Electing a President: An Instructional SimulationHere's a great resource giving students the opportunity to learn about political conventions by taking part in the process! In this mock convention instructional simulation, students take on the role of a delegate to a political convention, and run a model convention. Students learn various aspects of our election process, and how each step is interdependent.
Included in this curriculum
- Teacher role and checklist
- Student roles and sample worksheets (delegate and issue committee member)
- Delegate sheet (sample)
- Functions of Conventions
- Historic Conventions
- Location of Conventions
- Political Conventions Day to Day
- GenerationNation k12in2012 through Inauguration Day
More than Democrat and RepublicanDuring Campaign 2012, there are nine political conventions taking place throughout the United States. Additionally, there could be many candidates from parties on the November 2012 ballot, and the possibility of another 4 independent candidates (without party affiliation). This is why it is important for our students to understand the process we go through in America to elect a president and other leaders within our great country.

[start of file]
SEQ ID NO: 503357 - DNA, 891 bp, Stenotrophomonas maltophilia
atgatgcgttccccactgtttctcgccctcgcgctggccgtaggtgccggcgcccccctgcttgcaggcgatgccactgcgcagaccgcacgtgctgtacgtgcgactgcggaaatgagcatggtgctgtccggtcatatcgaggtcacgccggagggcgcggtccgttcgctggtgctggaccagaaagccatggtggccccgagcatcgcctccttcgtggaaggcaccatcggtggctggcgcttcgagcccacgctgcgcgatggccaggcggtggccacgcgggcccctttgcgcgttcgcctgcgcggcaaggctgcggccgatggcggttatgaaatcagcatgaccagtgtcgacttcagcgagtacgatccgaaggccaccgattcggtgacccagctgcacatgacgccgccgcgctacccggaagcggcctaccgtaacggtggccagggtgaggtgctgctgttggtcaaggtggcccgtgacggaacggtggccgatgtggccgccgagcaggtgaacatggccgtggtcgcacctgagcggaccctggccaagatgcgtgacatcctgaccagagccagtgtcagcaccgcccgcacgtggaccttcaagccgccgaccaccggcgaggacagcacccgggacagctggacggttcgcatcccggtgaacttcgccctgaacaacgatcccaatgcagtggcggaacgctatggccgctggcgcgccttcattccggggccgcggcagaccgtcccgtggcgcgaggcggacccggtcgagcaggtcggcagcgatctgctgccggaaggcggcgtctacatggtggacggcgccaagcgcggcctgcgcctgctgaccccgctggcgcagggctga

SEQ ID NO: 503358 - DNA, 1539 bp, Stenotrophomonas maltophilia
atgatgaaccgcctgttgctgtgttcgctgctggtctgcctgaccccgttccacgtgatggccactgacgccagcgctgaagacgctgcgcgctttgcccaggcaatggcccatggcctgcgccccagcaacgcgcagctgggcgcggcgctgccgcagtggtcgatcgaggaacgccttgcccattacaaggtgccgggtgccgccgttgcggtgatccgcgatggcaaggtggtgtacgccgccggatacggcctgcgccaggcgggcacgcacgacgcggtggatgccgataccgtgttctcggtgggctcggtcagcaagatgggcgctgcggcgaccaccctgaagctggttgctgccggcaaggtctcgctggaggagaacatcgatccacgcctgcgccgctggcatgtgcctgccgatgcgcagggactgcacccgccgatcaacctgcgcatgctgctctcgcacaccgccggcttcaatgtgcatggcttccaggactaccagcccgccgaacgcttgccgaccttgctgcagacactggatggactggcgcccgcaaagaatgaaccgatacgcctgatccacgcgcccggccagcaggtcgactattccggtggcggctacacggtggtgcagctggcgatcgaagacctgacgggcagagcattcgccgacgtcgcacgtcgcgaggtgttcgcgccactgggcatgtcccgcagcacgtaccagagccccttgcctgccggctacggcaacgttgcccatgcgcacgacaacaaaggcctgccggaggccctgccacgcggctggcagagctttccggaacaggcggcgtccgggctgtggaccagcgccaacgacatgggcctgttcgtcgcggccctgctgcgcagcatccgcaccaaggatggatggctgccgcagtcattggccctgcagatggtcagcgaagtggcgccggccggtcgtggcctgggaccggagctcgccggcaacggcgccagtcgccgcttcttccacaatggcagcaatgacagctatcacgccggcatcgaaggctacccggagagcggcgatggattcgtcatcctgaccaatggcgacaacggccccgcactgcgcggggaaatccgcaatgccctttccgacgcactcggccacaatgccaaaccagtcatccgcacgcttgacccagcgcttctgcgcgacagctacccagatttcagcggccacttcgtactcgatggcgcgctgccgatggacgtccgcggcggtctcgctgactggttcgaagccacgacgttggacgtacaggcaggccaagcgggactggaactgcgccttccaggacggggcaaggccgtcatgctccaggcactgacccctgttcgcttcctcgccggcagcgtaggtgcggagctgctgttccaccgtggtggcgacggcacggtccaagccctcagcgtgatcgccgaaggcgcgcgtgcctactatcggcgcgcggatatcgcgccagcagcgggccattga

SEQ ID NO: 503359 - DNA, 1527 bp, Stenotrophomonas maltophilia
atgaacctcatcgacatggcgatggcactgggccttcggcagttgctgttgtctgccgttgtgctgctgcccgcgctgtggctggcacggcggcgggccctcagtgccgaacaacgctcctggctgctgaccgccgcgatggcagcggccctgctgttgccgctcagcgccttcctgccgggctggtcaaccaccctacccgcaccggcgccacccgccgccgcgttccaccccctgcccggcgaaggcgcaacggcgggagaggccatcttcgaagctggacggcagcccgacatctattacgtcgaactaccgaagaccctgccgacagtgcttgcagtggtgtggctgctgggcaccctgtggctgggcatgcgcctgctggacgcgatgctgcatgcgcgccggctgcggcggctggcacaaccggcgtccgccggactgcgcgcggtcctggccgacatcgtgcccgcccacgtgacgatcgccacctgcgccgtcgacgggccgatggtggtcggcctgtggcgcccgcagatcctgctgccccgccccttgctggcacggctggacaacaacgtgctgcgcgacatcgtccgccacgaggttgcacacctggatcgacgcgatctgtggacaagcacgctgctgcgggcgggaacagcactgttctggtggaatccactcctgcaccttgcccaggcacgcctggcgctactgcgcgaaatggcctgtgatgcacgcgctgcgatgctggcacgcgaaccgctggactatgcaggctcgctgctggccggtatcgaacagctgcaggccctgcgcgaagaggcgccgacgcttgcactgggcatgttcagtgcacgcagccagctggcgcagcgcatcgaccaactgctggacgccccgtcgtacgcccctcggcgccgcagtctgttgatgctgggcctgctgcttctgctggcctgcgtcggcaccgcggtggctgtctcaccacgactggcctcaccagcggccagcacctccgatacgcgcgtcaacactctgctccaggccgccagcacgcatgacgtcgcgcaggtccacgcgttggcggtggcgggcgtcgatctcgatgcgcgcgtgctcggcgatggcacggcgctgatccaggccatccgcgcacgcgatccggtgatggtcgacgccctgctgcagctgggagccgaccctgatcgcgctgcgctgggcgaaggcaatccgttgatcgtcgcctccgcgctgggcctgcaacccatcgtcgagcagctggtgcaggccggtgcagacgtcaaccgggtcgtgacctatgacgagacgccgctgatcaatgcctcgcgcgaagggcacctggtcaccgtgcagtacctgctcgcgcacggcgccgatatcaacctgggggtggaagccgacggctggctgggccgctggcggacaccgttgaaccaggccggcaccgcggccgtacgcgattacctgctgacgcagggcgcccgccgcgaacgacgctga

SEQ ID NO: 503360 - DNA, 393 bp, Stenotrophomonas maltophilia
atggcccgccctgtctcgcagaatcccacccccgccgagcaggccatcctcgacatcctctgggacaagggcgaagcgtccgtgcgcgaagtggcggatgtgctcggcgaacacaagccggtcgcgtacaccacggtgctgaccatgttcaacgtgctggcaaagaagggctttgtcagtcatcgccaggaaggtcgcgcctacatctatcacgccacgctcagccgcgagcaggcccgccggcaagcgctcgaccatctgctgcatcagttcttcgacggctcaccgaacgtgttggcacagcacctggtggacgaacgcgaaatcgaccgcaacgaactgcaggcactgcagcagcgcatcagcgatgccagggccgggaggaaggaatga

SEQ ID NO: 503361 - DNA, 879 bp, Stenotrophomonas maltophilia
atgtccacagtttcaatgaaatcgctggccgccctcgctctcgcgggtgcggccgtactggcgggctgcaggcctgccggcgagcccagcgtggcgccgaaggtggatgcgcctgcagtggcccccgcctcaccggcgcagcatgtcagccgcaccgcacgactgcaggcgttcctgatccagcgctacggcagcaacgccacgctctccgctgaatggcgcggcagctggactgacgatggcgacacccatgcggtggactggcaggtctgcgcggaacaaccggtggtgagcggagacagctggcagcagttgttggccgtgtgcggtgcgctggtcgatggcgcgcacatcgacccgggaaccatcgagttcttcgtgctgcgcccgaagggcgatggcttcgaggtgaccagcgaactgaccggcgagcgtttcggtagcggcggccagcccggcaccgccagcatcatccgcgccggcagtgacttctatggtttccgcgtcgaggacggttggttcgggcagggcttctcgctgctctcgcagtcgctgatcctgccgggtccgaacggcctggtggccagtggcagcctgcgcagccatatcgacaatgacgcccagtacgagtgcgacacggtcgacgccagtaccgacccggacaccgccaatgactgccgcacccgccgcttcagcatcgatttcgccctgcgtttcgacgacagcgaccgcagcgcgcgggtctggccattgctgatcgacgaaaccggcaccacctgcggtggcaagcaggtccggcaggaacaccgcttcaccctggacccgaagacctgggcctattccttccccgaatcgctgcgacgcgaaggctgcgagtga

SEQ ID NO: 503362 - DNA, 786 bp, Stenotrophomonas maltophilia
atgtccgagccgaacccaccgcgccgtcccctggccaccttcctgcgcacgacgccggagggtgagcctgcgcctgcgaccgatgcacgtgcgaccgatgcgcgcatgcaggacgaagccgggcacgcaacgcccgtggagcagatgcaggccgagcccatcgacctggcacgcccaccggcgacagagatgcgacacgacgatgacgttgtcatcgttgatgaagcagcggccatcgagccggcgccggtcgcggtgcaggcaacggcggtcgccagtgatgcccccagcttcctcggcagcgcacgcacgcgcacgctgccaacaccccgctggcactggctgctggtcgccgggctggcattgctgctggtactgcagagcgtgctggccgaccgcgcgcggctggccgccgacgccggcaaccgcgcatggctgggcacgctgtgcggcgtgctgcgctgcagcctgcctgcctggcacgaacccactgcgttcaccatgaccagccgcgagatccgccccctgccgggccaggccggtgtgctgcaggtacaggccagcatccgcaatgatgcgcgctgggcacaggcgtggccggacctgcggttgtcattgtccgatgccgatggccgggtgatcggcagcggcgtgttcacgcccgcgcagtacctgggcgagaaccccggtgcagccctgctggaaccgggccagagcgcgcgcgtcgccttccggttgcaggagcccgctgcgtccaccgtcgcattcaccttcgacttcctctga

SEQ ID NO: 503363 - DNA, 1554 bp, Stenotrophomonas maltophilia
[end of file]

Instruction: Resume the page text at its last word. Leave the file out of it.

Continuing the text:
Instructional simulationsInstructional simulations give students an opportunity to have a deeper understanding of learning through the process of conducing the simulation.
What's the key element that differentiates instructional simulation from other teaching methods? The specification of a conceptual structure within which students interact and experience - firsthand - the relationships between concepts.
Critical thinking and creative thinkingThis simulation of political conventions involves both critical thinking and creative thinking:
- Critical thinking is analytical, objective and selective. When students think critically, they make choices based on researched information and from personal experiences.
- Creative thinking is generative, subjective and expansive. When students think creatively, they are open to and generate new ideas.
- Each way of thinking is helpful as students’ process information and demonstrates their understanding by producing a product that conveys that understanding.
AuthorDon Mitchell, Social Studies Specialist in the Department of Humanities in Curriculum and Instruction at Charlotte-Mecklenburg Schools
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